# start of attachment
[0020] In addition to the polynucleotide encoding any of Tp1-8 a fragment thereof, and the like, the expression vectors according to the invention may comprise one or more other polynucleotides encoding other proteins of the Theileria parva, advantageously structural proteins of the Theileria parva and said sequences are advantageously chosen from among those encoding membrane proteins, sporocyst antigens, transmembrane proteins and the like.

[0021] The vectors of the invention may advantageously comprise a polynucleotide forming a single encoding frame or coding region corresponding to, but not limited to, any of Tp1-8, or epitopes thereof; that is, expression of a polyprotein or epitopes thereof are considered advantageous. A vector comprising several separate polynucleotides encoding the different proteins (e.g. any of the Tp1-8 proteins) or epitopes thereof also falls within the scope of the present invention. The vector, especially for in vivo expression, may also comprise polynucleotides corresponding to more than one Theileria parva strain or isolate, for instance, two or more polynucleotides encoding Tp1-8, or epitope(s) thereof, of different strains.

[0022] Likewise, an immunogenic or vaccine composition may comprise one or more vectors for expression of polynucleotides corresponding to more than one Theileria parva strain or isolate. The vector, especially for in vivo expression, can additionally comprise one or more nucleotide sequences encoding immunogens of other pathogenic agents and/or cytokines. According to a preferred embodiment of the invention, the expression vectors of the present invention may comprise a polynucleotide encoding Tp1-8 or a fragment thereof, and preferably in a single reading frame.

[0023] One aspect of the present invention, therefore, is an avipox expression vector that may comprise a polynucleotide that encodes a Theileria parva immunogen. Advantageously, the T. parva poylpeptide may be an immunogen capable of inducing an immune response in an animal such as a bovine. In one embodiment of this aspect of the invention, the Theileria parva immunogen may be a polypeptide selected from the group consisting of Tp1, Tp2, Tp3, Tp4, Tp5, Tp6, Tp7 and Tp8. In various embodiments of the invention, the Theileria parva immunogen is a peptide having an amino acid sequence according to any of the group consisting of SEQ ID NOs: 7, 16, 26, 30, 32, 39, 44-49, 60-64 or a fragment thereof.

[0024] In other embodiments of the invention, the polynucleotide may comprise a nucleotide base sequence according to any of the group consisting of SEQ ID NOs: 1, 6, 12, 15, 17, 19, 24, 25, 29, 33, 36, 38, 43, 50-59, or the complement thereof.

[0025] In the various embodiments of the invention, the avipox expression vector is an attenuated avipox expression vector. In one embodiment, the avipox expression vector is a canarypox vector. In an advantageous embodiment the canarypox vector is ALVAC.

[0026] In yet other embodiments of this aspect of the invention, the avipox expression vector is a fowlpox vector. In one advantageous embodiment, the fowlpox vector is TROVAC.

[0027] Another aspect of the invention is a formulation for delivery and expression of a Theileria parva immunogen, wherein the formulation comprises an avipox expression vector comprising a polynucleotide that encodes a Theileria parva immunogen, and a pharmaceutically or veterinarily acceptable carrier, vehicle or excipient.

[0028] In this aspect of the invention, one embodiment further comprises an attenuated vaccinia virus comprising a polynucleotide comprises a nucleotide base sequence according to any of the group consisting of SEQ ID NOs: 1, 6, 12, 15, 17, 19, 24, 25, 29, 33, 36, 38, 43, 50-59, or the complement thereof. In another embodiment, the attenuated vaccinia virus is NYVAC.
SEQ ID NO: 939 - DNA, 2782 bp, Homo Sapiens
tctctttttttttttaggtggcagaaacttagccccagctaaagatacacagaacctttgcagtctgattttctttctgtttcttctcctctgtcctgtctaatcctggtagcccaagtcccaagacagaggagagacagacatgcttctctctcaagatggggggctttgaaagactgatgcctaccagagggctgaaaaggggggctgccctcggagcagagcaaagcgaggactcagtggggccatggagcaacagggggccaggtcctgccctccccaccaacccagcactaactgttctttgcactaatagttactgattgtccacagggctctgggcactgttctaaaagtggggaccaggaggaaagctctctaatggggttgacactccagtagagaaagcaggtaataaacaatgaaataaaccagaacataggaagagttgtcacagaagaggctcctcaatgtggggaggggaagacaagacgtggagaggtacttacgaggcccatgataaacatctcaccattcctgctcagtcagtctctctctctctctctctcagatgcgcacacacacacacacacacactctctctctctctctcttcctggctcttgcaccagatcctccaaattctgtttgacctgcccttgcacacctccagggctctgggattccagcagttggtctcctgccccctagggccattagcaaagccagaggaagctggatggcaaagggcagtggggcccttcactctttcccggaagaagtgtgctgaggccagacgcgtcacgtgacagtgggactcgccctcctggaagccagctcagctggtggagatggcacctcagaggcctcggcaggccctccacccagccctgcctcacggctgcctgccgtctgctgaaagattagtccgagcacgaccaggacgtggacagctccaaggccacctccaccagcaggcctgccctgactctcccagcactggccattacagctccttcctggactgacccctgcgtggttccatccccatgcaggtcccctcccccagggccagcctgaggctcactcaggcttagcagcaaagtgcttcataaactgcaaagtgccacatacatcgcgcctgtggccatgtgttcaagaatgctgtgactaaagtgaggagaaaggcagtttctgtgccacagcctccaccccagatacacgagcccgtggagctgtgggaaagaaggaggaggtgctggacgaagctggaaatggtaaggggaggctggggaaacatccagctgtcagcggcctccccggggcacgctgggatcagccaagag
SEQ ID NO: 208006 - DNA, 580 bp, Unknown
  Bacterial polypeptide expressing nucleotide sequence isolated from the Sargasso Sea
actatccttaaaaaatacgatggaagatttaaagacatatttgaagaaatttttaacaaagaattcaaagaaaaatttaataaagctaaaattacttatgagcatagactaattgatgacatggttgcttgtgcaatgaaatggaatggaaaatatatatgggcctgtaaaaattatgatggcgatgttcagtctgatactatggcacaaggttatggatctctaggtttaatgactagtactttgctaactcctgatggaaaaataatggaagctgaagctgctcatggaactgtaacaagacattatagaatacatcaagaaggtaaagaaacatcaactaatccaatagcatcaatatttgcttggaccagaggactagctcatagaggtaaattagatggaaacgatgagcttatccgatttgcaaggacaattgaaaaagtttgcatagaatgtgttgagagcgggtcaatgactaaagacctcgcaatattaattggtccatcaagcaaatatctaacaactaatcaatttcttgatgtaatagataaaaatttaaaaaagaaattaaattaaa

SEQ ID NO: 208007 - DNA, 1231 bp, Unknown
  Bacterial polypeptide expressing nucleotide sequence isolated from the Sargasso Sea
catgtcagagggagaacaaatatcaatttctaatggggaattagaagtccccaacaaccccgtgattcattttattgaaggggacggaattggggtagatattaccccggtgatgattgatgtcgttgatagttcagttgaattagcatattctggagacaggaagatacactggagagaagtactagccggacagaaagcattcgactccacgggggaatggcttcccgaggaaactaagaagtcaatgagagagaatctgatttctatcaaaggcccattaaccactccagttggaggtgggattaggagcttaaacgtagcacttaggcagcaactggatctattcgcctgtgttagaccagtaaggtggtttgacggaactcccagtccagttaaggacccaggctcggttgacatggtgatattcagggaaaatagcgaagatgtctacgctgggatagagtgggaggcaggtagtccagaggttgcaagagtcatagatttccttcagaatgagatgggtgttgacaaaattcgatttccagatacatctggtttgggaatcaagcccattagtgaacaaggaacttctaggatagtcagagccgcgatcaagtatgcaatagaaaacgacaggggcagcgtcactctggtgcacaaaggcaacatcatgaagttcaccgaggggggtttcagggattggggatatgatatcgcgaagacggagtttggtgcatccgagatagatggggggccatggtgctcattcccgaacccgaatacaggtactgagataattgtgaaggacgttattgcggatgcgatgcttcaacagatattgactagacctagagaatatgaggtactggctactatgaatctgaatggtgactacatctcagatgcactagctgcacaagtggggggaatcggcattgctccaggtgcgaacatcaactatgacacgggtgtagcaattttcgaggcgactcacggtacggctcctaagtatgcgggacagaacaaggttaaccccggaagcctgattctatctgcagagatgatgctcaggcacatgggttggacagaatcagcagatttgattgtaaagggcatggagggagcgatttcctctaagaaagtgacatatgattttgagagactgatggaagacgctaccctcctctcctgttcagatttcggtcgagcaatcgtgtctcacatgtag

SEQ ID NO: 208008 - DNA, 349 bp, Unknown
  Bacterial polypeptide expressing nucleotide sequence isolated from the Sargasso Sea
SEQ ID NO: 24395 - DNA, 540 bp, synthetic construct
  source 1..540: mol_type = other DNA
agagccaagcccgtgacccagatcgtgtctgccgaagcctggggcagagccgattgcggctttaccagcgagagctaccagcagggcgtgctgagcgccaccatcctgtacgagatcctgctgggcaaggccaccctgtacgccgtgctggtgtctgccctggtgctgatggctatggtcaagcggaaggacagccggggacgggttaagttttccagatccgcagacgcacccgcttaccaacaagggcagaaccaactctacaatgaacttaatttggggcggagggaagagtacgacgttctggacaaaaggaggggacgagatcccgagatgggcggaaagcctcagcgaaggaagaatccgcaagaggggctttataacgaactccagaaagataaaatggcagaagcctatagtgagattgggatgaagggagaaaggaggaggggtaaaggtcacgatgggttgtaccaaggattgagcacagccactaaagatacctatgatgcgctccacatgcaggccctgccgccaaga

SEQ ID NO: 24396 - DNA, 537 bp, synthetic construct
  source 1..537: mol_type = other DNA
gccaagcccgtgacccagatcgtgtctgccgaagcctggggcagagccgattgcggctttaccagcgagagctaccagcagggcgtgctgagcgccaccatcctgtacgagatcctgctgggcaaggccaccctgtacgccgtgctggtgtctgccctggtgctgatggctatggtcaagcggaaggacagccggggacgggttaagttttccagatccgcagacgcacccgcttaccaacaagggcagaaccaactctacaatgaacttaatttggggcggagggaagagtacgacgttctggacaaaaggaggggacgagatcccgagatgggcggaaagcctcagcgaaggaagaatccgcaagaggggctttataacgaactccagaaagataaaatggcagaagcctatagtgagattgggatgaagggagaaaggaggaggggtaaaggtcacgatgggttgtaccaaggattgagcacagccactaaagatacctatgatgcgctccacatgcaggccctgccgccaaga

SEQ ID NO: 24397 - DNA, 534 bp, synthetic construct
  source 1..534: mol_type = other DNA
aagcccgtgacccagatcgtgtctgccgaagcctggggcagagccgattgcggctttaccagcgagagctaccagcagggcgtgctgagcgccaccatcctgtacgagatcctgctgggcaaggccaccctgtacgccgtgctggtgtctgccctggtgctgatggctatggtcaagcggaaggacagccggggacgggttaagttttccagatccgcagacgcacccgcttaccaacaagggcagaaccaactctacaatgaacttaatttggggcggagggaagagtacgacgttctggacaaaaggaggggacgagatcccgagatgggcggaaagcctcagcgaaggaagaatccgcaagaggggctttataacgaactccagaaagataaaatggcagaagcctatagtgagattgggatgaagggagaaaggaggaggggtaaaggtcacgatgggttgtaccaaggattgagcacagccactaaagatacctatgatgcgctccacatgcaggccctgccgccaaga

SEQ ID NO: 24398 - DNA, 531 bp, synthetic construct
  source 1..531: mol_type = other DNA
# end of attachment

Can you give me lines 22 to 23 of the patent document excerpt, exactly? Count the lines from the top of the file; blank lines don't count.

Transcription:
agagccaagcccgtgacccagatcgtgtctgccgaagcctggggcagagccgattgcggctttaccagcgagagctaccagcagggcgtgctgagcgccaccatcctgtacgagatcctgctgggcaaggccaccctgtacgccgtgctggtgtctgccctggtgctgatggctatggtcaagcggaaggacagccggggacgggttaagttttccagatccgcagacgcacccgcttaccaacaagggcagaaccaactctacaatgaacttaatttggggcggagggaagagtacgacgttctggacaaaaggaggggacgagatcccgagatgggcggaaagcctcagcgaaggaagaatccgcaagaggggctttataacgaactccagaaagataaaatggcagaagcctatagtgagattgggatgaagggagaaaggaggaggggtaaaggtcacgatgggttgtaccaaggattgagcacagccactaaagatacctatgatgcgctccacatgcaggccctgccgccaaga

SEQ ID NO: 24396 - DNA, 537 bp, synthetic construct